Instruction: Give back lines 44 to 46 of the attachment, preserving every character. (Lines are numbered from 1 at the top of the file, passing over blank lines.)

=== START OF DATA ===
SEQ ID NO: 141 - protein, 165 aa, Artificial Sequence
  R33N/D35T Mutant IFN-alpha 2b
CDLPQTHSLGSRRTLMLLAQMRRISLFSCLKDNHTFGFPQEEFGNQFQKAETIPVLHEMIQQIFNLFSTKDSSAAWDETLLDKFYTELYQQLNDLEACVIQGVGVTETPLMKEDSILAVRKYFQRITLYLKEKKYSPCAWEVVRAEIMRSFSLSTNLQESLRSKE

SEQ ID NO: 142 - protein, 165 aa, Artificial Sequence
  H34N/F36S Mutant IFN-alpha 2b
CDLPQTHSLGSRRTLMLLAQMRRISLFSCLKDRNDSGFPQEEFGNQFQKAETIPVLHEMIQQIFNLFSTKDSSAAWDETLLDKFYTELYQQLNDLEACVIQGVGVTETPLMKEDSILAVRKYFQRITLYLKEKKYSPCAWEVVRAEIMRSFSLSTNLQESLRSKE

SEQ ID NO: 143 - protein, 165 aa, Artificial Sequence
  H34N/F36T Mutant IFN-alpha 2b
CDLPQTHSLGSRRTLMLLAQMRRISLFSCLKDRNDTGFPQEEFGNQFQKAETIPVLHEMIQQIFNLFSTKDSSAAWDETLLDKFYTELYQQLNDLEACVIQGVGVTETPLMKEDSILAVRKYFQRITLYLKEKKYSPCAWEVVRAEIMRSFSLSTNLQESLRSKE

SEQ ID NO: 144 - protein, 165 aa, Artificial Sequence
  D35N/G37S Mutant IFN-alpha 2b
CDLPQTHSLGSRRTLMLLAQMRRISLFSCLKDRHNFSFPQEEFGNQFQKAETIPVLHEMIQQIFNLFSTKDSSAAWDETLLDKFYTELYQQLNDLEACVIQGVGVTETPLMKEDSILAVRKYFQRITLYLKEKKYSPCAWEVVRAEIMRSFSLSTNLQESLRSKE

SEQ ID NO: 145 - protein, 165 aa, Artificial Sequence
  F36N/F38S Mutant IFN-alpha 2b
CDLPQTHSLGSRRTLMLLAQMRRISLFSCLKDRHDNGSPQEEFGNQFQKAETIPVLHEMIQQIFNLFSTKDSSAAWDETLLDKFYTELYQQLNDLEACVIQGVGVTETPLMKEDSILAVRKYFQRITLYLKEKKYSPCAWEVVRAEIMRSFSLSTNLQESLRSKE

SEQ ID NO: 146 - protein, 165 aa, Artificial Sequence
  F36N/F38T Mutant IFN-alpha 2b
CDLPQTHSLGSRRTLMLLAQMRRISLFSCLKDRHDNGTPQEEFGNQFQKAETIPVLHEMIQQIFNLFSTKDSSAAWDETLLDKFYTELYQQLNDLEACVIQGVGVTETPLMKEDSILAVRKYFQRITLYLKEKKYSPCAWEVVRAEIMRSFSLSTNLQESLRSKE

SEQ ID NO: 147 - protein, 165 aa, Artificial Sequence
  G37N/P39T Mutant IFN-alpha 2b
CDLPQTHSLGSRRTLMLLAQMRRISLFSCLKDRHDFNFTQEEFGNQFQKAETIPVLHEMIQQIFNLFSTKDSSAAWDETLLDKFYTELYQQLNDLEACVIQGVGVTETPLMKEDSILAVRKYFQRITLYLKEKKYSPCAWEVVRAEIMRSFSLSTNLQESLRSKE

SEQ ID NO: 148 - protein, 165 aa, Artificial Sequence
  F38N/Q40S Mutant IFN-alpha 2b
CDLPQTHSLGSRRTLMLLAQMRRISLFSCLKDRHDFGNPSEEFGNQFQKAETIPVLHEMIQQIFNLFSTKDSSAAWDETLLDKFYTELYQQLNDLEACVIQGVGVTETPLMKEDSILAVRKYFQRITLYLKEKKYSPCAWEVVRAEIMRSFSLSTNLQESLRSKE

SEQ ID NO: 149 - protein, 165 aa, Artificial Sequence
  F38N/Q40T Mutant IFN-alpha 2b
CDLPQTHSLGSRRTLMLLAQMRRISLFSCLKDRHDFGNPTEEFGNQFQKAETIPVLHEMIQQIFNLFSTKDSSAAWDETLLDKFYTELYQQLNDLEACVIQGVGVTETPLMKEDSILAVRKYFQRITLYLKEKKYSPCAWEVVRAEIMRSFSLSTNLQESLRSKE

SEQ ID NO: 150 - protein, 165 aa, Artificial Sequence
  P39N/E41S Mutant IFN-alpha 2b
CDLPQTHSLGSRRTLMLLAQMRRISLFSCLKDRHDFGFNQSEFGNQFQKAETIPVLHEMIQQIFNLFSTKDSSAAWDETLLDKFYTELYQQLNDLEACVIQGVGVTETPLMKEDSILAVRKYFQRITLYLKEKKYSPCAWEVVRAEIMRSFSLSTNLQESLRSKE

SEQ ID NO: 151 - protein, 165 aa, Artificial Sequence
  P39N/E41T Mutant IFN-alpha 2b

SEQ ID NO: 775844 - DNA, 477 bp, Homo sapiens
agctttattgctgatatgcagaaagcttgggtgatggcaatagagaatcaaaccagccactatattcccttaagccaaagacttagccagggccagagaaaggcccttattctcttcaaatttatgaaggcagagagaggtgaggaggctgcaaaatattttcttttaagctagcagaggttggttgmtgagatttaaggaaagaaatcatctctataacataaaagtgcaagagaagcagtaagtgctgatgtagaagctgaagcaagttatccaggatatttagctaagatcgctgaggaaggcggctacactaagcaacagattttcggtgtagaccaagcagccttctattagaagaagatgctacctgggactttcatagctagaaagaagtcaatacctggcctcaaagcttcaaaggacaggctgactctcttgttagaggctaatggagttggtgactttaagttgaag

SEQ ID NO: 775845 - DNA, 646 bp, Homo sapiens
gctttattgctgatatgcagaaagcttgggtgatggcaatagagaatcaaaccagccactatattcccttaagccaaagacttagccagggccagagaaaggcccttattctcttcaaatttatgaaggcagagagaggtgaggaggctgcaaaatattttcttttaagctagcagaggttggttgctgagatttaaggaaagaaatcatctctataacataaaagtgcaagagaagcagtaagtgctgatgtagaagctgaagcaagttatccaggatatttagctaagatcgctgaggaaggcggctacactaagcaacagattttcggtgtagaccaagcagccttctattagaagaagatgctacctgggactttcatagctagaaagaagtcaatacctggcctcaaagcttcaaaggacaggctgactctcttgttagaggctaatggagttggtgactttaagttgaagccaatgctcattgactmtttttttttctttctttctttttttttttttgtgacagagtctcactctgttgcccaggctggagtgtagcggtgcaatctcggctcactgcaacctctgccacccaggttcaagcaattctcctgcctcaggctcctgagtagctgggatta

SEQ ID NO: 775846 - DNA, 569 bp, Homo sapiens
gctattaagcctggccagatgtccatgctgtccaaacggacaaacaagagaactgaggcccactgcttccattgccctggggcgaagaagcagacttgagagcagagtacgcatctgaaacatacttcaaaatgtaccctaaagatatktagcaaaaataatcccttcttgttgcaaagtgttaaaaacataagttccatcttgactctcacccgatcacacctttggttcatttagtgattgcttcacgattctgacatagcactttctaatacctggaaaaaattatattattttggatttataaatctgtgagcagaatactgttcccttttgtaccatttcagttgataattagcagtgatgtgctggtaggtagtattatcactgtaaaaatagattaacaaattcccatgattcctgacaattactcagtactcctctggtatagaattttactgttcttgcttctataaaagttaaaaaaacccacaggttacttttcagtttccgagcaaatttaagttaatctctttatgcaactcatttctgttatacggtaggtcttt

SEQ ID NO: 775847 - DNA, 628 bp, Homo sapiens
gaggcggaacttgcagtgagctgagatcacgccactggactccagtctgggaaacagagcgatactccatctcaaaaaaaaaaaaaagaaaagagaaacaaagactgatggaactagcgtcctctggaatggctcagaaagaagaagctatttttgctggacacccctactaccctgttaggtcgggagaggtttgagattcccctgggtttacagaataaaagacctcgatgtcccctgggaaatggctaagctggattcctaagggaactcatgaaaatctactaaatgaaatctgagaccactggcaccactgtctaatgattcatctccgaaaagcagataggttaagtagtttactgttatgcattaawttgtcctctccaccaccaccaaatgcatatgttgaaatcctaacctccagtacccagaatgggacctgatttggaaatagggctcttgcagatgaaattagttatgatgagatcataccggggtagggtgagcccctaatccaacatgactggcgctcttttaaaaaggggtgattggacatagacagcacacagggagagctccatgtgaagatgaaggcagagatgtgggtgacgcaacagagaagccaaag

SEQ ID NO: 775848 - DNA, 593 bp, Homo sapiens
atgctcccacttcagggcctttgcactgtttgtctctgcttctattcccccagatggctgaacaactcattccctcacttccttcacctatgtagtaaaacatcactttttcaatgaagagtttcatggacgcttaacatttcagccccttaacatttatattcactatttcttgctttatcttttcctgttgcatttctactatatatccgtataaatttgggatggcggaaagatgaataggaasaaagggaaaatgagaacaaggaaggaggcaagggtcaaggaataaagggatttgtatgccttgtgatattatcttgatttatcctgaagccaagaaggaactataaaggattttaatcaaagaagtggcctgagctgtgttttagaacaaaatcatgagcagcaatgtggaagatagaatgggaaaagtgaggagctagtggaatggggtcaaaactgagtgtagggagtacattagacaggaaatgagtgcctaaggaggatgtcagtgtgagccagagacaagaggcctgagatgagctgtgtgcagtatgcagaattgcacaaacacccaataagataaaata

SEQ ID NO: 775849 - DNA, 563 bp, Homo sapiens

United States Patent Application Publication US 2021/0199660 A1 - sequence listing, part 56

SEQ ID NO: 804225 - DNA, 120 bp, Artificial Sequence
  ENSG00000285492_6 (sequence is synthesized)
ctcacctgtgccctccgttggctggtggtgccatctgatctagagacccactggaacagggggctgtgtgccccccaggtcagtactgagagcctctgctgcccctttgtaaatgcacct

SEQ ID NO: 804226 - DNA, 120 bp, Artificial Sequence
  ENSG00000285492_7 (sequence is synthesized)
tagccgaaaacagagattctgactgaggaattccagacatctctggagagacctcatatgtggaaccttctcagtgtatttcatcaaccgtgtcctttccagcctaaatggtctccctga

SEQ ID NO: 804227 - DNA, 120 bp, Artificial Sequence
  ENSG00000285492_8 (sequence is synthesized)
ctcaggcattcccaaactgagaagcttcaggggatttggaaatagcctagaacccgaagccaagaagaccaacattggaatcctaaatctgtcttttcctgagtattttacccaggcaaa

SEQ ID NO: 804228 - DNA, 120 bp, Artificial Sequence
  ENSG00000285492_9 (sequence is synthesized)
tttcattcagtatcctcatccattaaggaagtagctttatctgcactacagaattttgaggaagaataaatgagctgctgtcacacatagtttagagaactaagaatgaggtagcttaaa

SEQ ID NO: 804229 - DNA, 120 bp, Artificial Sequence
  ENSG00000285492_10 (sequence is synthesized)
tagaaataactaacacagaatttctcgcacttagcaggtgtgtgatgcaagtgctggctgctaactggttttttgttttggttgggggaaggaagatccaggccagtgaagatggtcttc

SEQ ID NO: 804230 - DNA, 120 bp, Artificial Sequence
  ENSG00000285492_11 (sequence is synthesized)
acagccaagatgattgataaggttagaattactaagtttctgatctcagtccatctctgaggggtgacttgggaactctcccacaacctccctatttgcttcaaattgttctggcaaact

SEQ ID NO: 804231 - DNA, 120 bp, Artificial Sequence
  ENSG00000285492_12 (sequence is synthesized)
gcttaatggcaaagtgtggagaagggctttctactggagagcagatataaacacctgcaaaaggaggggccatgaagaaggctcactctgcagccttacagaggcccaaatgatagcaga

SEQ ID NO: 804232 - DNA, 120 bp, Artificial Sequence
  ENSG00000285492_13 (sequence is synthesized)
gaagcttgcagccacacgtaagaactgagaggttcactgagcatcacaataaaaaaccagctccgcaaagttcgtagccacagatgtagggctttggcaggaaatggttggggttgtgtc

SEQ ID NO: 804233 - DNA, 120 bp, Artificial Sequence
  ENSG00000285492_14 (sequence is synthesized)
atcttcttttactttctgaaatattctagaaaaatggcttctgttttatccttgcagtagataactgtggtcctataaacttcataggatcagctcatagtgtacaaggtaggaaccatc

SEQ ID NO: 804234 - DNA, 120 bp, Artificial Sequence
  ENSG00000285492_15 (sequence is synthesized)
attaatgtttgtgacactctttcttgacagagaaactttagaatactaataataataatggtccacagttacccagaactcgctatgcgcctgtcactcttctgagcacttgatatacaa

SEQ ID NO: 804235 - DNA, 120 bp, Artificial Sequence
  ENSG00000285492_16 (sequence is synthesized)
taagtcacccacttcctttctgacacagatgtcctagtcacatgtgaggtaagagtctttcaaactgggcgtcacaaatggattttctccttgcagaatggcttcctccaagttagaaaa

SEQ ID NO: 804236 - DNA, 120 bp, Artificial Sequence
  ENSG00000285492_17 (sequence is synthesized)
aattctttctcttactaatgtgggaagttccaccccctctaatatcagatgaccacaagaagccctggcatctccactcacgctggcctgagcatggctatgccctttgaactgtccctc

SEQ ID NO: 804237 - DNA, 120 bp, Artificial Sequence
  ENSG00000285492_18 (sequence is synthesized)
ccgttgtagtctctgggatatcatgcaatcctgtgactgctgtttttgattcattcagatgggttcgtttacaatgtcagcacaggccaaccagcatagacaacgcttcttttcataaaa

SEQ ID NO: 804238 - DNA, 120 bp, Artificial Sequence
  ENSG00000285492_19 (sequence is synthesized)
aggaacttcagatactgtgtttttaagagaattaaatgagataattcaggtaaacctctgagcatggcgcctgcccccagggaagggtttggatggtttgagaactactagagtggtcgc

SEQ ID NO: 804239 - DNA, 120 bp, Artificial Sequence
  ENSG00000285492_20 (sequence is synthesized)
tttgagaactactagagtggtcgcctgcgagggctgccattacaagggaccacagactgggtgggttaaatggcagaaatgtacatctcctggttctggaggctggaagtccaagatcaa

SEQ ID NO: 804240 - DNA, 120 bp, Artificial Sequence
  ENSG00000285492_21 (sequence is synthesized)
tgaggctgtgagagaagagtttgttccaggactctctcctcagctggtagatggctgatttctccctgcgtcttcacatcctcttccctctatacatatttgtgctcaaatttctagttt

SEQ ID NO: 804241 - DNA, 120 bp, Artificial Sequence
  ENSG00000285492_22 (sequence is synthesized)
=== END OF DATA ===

United States Patent Application Publication US 2021/0199660 A1 - sequence listing, part 56

SEQ ID NO: 804225 - DNA, 120 bp, Artificial Sequence
  ENSG00000285492_6 (sequence is synthesized)